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  6. Bayesian Norms and Non-Ideal Agents.Julia Staffel - forthcoming - In Maria Lasonen-Aarnio & Clayton M. Littlejohn (eds.), Routledge Handbook of the Philosophy Evidence. Routledge.
    Bayesian epistemology provides a popular and powerful framework for modeling rational norms on credences, including how rational agents should respond to evidence. The framework is built on the assumption that ideally rational agents have credences, or degrees of belief, that are representable by numbers that obey the axioms of probability. From there, further constraints are proposed regarding which credence assignments are rationally permissible, and how rational agents’ credences should change upon learning new evidence. While the details are hotly disputed, all (...)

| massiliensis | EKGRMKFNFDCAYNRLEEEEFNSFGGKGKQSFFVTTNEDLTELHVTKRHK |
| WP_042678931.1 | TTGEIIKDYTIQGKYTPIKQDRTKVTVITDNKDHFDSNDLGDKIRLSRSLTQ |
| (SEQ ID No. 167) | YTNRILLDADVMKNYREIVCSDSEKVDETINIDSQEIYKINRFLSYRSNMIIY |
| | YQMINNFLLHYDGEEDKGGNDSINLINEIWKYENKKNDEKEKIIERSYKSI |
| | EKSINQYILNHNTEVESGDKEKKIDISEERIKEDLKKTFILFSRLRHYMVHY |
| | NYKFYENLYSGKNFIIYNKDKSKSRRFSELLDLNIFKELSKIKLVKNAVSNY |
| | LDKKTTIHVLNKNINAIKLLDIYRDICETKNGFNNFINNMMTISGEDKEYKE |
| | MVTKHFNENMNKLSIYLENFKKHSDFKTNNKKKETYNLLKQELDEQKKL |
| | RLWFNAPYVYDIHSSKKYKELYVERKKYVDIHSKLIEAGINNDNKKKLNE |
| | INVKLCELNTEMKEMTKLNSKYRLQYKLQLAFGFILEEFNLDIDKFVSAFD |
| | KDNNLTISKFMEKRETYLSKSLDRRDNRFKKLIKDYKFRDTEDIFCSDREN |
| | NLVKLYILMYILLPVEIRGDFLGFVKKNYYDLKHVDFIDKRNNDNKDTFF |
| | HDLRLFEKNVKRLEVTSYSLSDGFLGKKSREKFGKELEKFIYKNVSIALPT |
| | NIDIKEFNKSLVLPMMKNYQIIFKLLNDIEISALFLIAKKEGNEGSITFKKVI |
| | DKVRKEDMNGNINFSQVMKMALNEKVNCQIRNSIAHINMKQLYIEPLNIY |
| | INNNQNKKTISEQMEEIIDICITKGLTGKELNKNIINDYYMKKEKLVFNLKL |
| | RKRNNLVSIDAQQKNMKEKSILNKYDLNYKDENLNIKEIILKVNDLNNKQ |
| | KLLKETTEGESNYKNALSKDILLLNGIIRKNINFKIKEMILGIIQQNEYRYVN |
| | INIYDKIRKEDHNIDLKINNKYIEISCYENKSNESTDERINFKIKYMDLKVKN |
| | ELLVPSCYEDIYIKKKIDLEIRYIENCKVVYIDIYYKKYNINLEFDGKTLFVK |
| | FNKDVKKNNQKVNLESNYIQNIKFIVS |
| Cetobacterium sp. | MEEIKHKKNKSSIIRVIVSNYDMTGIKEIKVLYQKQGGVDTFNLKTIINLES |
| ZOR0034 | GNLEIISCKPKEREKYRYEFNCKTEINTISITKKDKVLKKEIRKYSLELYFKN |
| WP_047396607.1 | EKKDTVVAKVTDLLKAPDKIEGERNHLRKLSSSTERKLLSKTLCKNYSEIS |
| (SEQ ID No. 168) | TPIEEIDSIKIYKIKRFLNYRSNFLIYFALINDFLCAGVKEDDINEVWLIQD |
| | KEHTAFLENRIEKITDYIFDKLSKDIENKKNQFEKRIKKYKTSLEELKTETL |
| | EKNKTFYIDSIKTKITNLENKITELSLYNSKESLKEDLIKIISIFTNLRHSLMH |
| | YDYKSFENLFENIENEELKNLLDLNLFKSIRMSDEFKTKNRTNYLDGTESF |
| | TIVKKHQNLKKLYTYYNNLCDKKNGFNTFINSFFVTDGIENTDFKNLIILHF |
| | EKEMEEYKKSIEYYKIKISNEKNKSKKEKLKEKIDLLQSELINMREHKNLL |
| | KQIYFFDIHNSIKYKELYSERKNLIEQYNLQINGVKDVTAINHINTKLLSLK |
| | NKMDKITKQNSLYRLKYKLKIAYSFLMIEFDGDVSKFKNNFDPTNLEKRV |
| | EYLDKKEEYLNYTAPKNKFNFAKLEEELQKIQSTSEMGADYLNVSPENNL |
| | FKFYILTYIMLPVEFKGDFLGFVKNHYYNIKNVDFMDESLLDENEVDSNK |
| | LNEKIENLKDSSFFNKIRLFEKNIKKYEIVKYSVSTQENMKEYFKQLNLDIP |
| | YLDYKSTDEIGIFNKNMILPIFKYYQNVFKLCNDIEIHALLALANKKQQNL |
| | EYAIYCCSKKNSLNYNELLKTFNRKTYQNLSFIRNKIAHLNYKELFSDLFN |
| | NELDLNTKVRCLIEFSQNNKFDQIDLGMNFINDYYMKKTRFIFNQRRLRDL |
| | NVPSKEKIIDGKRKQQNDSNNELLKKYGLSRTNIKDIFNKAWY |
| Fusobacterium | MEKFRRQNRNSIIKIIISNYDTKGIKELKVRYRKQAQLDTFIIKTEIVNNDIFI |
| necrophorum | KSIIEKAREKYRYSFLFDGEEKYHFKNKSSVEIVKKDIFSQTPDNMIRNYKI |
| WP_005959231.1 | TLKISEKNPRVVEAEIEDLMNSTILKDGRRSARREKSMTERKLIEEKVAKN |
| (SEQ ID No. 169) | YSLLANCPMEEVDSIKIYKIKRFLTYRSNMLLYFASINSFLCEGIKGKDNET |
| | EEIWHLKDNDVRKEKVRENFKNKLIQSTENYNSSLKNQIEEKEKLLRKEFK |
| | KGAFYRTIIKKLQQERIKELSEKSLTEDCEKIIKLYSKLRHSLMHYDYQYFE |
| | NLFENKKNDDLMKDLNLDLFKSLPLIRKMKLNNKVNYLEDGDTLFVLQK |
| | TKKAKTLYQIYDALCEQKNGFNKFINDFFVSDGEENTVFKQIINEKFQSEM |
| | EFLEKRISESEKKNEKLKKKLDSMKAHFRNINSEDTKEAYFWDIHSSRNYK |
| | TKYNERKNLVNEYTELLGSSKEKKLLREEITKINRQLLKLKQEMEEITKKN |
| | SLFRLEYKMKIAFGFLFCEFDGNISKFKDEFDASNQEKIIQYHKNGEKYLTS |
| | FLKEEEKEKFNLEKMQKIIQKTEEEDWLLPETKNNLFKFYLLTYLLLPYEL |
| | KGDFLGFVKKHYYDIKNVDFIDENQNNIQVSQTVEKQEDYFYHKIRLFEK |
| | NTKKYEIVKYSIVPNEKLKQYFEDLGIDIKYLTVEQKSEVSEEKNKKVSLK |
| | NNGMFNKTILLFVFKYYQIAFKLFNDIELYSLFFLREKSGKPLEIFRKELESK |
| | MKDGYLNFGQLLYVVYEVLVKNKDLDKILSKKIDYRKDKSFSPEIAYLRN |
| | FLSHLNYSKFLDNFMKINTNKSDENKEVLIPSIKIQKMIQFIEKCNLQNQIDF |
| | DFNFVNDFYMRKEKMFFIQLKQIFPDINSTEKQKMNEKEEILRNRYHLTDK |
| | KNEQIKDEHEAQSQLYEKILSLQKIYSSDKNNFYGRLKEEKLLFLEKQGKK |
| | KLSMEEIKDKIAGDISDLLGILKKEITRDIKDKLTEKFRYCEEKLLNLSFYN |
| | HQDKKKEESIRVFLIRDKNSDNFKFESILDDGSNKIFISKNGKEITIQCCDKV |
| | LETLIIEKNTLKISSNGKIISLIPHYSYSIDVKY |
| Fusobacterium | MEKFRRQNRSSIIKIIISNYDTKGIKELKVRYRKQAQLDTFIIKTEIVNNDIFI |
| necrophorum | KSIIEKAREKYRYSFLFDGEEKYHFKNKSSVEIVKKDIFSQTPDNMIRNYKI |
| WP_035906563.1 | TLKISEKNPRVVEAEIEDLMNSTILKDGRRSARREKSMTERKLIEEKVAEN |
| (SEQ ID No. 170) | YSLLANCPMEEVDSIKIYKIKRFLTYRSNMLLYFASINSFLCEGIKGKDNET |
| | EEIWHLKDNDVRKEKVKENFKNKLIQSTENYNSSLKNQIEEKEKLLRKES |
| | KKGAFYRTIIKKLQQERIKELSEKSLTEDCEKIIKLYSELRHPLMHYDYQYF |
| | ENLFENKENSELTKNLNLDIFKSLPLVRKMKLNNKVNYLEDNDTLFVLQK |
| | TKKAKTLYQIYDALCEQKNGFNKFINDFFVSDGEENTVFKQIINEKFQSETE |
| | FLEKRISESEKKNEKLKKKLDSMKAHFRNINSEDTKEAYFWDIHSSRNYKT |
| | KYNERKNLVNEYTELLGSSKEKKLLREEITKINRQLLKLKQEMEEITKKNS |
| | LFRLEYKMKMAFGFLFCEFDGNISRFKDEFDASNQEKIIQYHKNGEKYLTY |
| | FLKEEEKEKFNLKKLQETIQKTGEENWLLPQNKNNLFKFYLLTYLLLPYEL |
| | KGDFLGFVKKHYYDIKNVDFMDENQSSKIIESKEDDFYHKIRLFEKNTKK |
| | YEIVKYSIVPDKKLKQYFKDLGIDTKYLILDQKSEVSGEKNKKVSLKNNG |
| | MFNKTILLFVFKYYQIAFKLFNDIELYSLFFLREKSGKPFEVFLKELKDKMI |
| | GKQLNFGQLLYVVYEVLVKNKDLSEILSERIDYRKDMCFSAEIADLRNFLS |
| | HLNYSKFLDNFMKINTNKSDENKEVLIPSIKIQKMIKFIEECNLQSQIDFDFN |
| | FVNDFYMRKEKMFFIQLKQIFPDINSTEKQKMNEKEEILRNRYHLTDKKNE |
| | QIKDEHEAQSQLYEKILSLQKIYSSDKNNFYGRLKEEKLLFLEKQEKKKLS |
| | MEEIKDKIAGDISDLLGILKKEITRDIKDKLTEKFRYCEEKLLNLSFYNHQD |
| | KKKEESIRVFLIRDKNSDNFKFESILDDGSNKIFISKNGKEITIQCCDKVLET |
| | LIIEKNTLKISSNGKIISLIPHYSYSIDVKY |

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  7. Thirty-Nine Principles for Understanding Scripture.Daniel Keeran - manuscript
    While the author cannot speak for churches of Christ, common among them are unique ways of understanding holy scripture, believed to have been written by the apostles and prophets of the Lord before the destruction of Jerusalem (70 A.D.) and circulated among the early Christian communities (E.g. A letter called First Clement in about 95 A.D., refers to at least ten New Testament books), then collected as a volume by the self-identified Christian community of the second century A.D. or earlier, (...)
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  8. Explanatory Virtues Are Indicative of Truth.Kevin McCain - 2018 - Logos and Episteme 9 (1):63-73.